My explanation for O(N) solution!


  • 90
    H

    First assume that we have no money, so buy1 means that we have to borrow money from others, we want to borrow less so that we have to make our balance as max as we can(because this is negative).

    sell1 means we decide to sell the stock, after selling it we have price[i] money and we have to give back the money we owed, so we have price[i] - |buy1| = prices[i ] + buy1, we want to make this max.

    buy2 means we want to buy another stock, we already have sell1 money, so after buying stock2 we have buy2 = sell1 - price[i] money left, we want more money left, so we make it max

    sell2 means we want to sell stock2, we can have price[i] money after selling it, and we have buy2 money left before, so sell2 = buy2 + prices[i], we make this max.

    So sell2 is the most money we can have.

    Hope it is helpful and welcome quesions!

    public int maxProfit(int[] prices) {
    		int sell1 = 0, sell2 = 0, buy1 = Integer.MIN_VALUE, buy2 = Integer.MIN_VALUE;
    		for (int i = 0; i < prices.length; i++) {
    			buy1 = Math.max(buy1, -prices[i]);
    			sell1 = Math.max(sell1, buy1 + prices[i]);
    			buy2 = Math.max(buy2, sell1 - prices[i]);
    			sell2 = Math.max(sell2, buy2 + prices[i]);
    		}
    		return sell2;
    	}

  • 2
    M

    hi han35,
    it is a great solution! this seems very logical financially, but math-wise it is very hard to explain. Can you provide some details for the calculation?


  • 7

    @mxue This is already math explaination. The transition relation is constructed by the following four equations. Actually, sell2 is the only state we record for iterations. The others are intermediate states.

    buy1 = Math.max(buy1, -prices[i]);
    sell1 = Math.max(sell1, buy1 + prices[i]);
    buy2 = Math.max(buy2, sell1 - prices[i]);
    sell2 = Math.max(sell2, buy2 + prices[i]);
    

    If you still do not understand, see below.

    buy1 and *sell1 *are for the first transaction. buy2 and *sell2 *are for the second transaction.

    Transition relation:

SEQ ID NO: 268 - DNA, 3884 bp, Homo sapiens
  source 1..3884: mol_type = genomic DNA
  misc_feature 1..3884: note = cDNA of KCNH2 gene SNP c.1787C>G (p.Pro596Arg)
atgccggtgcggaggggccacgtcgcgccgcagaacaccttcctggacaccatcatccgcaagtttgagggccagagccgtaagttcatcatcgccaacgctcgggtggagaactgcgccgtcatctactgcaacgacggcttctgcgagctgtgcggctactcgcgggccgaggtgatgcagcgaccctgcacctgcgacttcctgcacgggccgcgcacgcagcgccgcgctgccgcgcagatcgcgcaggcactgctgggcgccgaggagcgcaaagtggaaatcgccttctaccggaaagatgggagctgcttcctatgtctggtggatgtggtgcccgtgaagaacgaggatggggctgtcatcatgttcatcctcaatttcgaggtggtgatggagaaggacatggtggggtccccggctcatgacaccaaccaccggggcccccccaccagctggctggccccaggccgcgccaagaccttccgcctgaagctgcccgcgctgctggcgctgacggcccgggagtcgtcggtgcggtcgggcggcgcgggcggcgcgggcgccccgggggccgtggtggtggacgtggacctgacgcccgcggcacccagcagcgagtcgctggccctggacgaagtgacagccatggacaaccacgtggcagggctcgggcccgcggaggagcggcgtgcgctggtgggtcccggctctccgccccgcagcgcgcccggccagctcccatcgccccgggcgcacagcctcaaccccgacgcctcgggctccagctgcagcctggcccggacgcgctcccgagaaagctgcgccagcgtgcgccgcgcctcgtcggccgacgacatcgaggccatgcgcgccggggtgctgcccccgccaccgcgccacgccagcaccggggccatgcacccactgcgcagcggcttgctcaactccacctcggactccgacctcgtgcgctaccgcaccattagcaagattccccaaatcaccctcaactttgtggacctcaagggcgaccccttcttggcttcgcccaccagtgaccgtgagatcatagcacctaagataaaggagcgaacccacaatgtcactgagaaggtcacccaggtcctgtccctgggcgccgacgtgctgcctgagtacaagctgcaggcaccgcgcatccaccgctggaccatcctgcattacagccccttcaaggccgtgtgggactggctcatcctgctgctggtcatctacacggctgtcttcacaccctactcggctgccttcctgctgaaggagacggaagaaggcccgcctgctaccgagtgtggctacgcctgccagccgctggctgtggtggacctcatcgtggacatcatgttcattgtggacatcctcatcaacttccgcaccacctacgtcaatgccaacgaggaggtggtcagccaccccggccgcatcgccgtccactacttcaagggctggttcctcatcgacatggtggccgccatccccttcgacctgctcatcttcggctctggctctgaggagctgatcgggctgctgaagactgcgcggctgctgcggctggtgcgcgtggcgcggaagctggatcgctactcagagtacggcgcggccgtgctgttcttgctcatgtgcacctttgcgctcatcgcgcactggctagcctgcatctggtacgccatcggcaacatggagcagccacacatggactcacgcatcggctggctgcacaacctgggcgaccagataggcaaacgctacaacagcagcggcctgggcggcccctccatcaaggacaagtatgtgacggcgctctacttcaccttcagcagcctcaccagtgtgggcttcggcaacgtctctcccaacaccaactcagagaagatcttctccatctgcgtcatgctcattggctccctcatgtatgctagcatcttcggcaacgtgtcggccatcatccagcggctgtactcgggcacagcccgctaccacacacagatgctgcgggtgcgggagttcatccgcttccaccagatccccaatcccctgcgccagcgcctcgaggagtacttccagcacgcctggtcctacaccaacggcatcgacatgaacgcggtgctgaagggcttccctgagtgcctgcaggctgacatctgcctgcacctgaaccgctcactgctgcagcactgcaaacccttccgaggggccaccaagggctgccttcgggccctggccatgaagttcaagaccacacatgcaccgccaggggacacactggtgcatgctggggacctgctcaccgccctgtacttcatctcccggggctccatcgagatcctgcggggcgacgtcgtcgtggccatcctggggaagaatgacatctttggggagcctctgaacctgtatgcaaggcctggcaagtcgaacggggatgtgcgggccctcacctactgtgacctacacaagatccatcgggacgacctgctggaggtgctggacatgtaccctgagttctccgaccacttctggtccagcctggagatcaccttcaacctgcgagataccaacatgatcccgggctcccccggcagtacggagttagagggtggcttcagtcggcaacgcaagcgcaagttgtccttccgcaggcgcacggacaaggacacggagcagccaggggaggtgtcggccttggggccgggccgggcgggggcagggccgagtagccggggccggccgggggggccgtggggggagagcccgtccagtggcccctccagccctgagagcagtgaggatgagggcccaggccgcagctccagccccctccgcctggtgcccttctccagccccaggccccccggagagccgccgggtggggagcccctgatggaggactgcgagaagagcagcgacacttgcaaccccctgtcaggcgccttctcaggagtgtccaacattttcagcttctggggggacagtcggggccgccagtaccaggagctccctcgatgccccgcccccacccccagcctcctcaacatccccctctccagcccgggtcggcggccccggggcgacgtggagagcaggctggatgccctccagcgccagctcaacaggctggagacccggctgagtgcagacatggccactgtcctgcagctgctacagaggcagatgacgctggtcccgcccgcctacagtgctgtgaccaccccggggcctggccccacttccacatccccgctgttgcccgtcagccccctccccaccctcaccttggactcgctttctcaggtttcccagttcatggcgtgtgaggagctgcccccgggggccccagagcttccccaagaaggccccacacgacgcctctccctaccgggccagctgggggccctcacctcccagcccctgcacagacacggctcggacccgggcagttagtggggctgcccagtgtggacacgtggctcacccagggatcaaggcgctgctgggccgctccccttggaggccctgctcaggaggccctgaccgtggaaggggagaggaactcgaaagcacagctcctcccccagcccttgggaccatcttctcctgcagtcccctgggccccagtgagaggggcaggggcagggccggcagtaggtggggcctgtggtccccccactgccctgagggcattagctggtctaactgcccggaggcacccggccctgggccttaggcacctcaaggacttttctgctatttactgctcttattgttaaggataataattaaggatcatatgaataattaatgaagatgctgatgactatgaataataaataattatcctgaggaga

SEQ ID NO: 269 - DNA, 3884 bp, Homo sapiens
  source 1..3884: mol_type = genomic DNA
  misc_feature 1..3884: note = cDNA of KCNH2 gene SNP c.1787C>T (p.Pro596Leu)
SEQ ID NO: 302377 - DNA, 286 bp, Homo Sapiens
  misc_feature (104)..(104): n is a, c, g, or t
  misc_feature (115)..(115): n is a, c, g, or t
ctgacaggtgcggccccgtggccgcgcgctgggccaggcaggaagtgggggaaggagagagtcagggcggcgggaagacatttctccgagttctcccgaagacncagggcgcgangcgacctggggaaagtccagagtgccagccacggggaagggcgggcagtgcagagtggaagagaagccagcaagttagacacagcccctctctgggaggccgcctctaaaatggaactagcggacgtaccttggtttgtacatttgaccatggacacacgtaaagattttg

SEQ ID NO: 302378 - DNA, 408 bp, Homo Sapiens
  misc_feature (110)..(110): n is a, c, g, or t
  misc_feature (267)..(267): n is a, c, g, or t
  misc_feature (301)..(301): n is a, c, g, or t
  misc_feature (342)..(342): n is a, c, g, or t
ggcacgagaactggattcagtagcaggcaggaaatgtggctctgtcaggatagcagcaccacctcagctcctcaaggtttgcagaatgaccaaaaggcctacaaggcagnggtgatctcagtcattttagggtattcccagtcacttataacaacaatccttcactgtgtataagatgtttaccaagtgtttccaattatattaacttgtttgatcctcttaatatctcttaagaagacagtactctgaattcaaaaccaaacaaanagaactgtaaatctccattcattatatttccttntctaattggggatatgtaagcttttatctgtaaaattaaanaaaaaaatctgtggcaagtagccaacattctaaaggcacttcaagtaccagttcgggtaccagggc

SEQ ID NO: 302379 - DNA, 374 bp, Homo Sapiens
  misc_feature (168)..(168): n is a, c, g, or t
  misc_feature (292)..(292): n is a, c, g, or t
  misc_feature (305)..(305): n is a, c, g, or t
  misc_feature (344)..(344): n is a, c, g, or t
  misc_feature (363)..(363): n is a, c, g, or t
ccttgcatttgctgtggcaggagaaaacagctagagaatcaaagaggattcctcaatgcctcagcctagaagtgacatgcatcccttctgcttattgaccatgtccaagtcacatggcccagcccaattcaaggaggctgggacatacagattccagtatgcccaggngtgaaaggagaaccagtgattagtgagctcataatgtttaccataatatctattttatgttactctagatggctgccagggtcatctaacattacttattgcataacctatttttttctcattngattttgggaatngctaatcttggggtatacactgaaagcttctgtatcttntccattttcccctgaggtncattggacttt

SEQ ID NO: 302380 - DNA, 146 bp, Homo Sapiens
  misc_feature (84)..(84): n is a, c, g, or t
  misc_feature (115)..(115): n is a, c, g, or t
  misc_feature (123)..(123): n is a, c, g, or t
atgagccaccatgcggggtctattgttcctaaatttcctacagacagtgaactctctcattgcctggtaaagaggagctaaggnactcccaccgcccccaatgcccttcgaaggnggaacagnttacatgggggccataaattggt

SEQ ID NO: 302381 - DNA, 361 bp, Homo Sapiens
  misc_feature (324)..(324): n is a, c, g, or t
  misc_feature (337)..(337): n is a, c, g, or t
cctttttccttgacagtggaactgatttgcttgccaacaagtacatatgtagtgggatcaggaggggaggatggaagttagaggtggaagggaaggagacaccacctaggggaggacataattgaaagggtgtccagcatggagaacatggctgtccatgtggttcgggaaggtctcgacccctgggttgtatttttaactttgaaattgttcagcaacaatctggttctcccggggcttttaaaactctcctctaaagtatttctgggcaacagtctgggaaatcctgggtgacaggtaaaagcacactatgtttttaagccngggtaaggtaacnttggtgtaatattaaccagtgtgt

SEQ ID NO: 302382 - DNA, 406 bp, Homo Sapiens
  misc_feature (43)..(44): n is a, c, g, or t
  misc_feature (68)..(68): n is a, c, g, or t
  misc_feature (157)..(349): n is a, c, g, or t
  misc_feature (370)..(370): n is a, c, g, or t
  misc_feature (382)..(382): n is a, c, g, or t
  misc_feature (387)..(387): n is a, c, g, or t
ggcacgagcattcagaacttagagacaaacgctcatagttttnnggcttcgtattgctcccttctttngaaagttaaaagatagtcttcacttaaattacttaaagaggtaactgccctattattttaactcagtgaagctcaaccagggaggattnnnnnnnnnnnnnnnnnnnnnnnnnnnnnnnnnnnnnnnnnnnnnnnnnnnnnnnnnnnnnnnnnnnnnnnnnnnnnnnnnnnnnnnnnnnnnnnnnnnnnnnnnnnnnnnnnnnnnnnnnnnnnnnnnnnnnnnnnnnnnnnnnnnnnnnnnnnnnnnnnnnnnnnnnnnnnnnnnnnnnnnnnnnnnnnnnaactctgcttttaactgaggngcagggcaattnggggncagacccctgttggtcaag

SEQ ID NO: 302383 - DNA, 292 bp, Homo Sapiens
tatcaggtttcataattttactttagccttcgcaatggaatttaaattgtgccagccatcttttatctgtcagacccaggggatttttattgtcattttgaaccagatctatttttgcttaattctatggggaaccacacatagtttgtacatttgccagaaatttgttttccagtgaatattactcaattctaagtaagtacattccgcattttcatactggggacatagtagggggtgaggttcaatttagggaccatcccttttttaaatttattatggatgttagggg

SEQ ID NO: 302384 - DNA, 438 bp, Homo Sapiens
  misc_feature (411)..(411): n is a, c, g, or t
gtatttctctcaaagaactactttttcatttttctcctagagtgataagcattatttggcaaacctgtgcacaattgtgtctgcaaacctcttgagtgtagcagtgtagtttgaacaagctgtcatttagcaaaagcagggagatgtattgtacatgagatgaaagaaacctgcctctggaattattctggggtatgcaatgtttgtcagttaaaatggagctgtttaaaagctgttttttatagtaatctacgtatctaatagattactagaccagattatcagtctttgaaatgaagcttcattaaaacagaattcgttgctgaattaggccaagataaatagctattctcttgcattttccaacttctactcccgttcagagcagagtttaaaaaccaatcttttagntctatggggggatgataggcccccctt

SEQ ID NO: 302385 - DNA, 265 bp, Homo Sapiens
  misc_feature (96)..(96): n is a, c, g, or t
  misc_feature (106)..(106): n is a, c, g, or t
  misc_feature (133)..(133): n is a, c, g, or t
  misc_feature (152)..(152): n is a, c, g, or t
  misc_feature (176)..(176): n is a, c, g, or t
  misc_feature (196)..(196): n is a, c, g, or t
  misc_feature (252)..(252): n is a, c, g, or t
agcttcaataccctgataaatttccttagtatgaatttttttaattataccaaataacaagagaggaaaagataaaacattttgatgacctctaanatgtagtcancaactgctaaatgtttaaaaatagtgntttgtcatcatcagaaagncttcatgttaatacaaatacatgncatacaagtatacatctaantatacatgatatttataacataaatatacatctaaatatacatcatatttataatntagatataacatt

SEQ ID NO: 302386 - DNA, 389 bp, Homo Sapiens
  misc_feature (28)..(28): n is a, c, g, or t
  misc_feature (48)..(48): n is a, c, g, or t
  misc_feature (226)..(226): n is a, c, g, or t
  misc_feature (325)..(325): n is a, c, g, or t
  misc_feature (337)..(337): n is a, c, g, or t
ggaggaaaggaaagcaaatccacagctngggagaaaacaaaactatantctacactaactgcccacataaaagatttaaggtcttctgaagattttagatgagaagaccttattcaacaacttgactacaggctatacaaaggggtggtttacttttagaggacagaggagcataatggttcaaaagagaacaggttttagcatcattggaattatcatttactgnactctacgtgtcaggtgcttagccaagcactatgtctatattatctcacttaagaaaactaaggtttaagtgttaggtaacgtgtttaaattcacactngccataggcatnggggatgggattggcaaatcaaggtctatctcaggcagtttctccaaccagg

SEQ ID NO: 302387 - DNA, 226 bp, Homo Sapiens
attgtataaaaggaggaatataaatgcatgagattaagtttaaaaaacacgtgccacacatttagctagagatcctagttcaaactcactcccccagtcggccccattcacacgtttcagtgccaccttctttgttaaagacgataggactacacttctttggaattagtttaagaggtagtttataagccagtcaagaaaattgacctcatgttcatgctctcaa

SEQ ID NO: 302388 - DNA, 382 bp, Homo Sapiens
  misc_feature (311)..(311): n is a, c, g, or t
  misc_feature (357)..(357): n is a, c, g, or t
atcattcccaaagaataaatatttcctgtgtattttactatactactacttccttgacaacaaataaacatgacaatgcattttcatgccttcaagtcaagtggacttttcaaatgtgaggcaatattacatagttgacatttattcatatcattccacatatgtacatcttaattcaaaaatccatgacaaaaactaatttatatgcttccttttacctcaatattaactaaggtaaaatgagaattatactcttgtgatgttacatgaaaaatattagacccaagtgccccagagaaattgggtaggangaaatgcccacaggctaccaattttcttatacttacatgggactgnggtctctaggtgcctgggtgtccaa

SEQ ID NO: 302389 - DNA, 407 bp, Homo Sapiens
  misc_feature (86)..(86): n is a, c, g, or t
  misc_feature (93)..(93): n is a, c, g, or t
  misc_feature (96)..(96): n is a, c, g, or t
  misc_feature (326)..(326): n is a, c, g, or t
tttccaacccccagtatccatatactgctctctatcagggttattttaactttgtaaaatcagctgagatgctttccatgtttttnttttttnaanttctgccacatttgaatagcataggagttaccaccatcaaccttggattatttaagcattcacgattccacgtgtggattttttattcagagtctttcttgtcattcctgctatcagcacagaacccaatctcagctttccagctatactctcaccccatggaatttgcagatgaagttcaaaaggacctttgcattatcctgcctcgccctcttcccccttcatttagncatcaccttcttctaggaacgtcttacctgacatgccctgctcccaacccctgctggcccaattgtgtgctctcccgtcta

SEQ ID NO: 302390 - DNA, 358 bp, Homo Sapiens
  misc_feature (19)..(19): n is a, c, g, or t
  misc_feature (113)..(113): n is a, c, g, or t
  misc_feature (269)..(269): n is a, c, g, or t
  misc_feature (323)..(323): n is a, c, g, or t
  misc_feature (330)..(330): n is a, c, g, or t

1. buy1[i] = max( - prices[i], buy1[i - 1])
    2. sell1[i] = max(buy1[i - 1] + price[i], sell1[i - 1])
    3. buy2[i] = max( sell1[i -1] - prices[i], buy2[i - 1])
    4. sell2[i] = max(buy2[i - 1] + price[i], sell2[i - 1])

  • 0
    This post is deleted!

  • 2
    R

    In fact , It is more reasonable to do update as order : sell2, buy2, sell1, buy1.

    Because for update every value at the current time , we should use previous state ! using sell2, buy2, sell1, buy1 satisfied .

    But the result it still ok for your code. I can't know the reason directly, may be it is really ok.


  • 2
    X

    @han35

    The Transition Relation implied in this code is:

    buy1[i] = max(-prices[i], buy1 Last Changed)
    sell1[i] = max(buy1 Last Changed + price[i], sell1 Last Changed)
    buy2[i] = max(sell1 Last Changed - prices[i], buy2 Last Changed)
    sell2[i] = max(buy2 Last Changed + price[i], sell2 Last Changed)

    instead of:

    buy1[i] = max(-prices[i], buy1[i - 1])
    sell1[i] = max(buy1[i - 1] + price[i], sell1[i - 1])
    buy2[i] = max(sell1[i -1] - prices[i], buy2[i - 1])
    sell2[i] = max(buy2[i - 1] + price[i], sell2[i - 1])

    For example,
    If buy1 changed on day i, in your code, update sell1 on day i means cancel buy1 on day i.
    However, for transition sell1[i] = max(buy1[i - 1] + price[i], sell1[i - 1]), it means buy on a day before day i and sell it on day i.

    @readonlyfile
    I had the same concern with you!
    There must be some hidden logics hard to understand that make sure this code is right.


  • 0
    M

    If you do 1st sell at day i, how do you avoid doing the 2nd buy at the same day? Thx!


  • 5
    R

    To understand the hidden logic, you have to understand what these 4 variables stand for.

    sell2: Final profit.
    buy2: Best profit so far, if you buy the stock not after Day i (2nd transaction).
    sell1: Best profit so far, if you sell the stock not after Day i (1st transaction).
    buy1: Minimum price to buy the stock.

    The logic between buy1 and sell1 is quite straight forward. What you need to do is simply find a minimum price to buy and sell it some days after.
    Of course, sell1 won't update if the profit is not greater than before even if you buy the stock at a lower price. Let's assume you sell the stock at Day a to get the greatest profit for the 1st transaction, which stores in sell1.